Woman wins simmering dispute with Vancouver housing co-op over backyard hot tub

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      A tribunal has something to say about living in housing co-operatives.

      It is that there is a balance to be struck between the collective interest of the co-op and the quiet enjoyment by a member of the individual’s housing unit.

      Luningning Alcuitas-Imperial, a member of the B.C. Civil Resolution Tribunal, made this statement in resolving a conflict over a backyard hot tub at the Le Coeur Housing Co-operative.

      Le Coeur is a 77-unit complex in the Champlain Heights neighbourhood of Vancouver.

      Co-op member Michelle Berger installed a hot tub in her backyard in August 2017.

      The following year, in April 2018, the co-op wrote Berger and told her that alterations to her unit have to be pre-approved by the co-op board.

      Berger responded by saying that she did not need prior approval.

      She argued that the hot tub is a freestanding item, and can be moved.

      The resident also stated that she purchased additional insurance to increase her liability to $2 million to cover injuries arising from the use of her home, including the backyard, where the hot tub is located.

      The back-and-forth continued, and Berger was eventually given until December 3, 2019, to remedy alleged breaches of her housing agreement with the co-op.

      Failure to do so could have meant a termination of her membership. This means that she would no longer be able to live at the housing co-op.

      Berger brought the matter before the tribunal.

      In her reasons for decision, Alcuitas-Imperial reviewed the terms of the housing agreement.

      The agreement includes an item providing that a member may not make any structural alterations, changes, or additions in or to person’s unit without prior written consent from the co-op board.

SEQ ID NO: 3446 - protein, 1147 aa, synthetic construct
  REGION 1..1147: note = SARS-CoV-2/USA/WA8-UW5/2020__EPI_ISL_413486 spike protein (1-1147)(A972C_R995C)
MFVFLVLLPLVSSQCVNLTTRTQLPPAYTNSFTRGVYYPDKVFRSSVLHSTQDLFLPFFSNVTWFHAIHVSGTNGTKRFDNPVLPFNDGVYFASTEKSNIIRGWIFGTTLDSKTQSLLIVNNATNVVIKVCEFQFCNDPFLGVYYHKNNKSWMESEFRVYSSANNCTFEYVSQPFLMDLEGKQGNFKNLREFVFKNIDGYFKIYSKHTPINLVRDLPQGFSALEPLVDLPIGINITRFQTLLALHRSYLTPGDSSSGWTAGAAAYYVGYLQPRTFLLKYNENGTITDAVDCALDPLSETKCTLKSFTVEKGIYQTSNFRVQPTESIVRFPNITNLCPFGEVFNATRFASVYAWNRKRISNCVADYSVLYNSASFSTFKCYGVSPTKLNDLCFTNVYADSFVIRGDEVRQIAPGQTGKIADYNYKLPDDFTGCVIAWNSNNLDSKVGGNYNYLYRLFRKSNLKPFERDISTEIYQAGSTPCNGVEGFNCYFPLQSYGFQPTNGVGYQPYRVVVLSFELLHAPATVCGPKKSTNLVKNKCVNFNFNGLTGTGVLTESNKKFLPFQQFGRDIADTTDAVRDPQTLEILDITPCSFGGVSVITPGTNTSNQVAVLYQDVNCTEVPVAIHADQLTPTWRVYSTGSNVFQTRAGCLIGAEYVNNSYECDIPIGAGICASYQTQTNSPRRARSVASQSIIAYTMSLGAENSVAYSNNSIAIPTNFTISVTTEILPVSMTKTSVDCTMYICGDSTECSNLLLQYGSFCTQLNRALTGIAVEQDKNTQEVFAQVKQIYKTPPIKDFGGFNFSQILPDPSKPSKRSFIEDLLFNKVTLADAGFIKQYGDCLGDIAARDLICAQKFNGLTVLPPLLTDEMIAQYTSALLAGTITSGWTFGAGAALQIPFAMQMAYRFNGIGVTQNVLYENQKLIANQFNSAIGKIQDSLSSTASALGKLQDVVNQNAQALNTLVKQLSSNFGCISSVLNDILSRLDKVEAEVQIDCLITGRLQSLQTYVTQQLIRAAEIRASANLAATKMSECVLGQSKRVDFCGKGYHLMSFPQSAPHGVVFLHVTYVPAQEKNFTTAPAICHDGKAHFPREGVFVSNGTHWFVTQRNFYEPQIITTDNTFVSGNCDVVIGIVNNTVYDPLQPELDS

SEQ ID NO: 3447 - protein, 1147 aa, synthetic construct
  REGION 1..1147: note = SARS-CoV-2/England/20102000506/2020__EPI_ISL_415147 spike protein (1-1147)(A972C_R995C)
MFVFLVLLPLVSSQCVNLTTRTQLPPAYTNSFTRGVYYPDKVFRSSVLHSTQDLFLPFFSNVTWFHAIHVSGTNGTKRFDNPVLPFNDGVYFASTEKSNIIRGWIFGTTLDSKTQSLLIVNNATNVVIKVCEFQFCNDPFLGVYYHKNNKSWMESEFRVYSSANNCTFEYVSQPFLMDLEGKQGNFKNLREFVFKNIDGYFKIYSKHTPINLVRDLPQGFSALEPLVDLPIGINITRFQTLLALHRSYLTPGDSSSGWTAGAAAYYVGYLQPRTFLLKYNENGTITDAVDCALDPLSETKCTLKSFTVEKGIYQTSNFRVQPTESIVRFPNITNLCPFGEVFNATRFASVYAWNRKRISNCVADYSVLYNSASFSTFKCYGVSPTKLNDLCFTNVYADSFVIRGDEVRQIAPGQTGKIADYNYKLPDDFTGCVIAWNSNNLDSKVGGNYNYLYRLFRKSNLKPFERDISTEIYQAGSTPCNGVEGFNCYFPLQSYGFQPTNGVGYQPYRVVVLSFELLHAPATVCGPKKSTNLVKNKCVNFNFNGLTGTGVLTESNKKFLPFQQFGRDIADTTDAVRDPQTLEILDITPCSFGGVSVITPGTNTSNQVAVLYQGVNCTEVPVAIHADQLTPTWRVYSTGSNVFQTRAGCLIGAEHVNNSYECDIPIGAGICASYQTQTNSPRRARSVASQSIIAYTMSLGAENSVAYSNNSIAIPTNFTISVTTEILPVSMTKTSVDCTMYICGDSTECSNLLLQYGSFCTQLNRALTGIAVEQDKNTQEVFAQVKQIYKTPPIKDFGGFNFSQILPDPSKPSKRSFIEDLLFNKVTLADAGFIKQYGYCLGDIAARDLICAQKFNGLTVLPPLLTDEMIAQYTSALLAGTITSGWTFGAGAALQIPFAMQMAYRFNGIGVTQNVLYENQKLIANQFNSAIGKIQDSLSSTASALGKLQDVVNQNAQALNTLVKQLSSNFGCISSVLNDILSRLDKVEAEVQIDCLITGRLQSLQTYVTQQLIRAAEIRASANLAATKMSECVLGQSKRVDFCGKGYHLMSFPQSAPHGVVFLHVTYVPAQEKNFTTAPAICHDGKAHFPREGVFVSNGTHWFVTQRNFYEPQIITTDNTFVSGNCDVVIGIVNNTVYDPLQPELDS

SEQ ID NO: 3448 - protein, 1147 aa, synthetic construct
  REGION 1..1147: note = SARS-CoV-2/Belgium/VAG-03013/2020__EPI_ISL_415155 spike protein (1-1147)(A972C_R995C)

“I find that the hot tub is not a structural alteration, change or addition to the unit,” Alcuitas-Imperial noted.

      According to the tribunal member, the hot tub is “not a necessary part of the structure of the member’s unit—whether the portion of the cooperative development or building that is assigned to her or whether the backyard that is associated with that portion of the development or building”.

      “I accept the member’s evidence that the hot tub is a free-standing item that can be moved at any time,” Alcuitas-Imperial wrote.

      Alcuitas-Imperial also observed that the word unit includes a member’s backyard.

      “I find that the evidence establishes that the backyard and anything located upon it are generally for the exclusive use of the member,” she noted.

      According to Alcuitas-Imperial, she understands that Le Coeur has a duty to “look at the collective interests of its members”.

      However, Alcuitas-Imperial pointed out, the terms in the occupancy agreement “create expectations of members”.

      If Le Coeur wishes to prohibit hot tubs, it could do so in its rules and occupancy agreement, according to the tribunal member.

      “In reaching my conclusion, I acknowledge that there is a balance to be struck between the interests of the collective ownership of the cooperative and the member’s quiet enjoyment of her unit,” Alcuitas-Imperial wrote.

      Alcuitas-Imperial stated that Berger succeeds in the dispute, and she has to be reimbursed $225 by the co-op for her tribunal fees.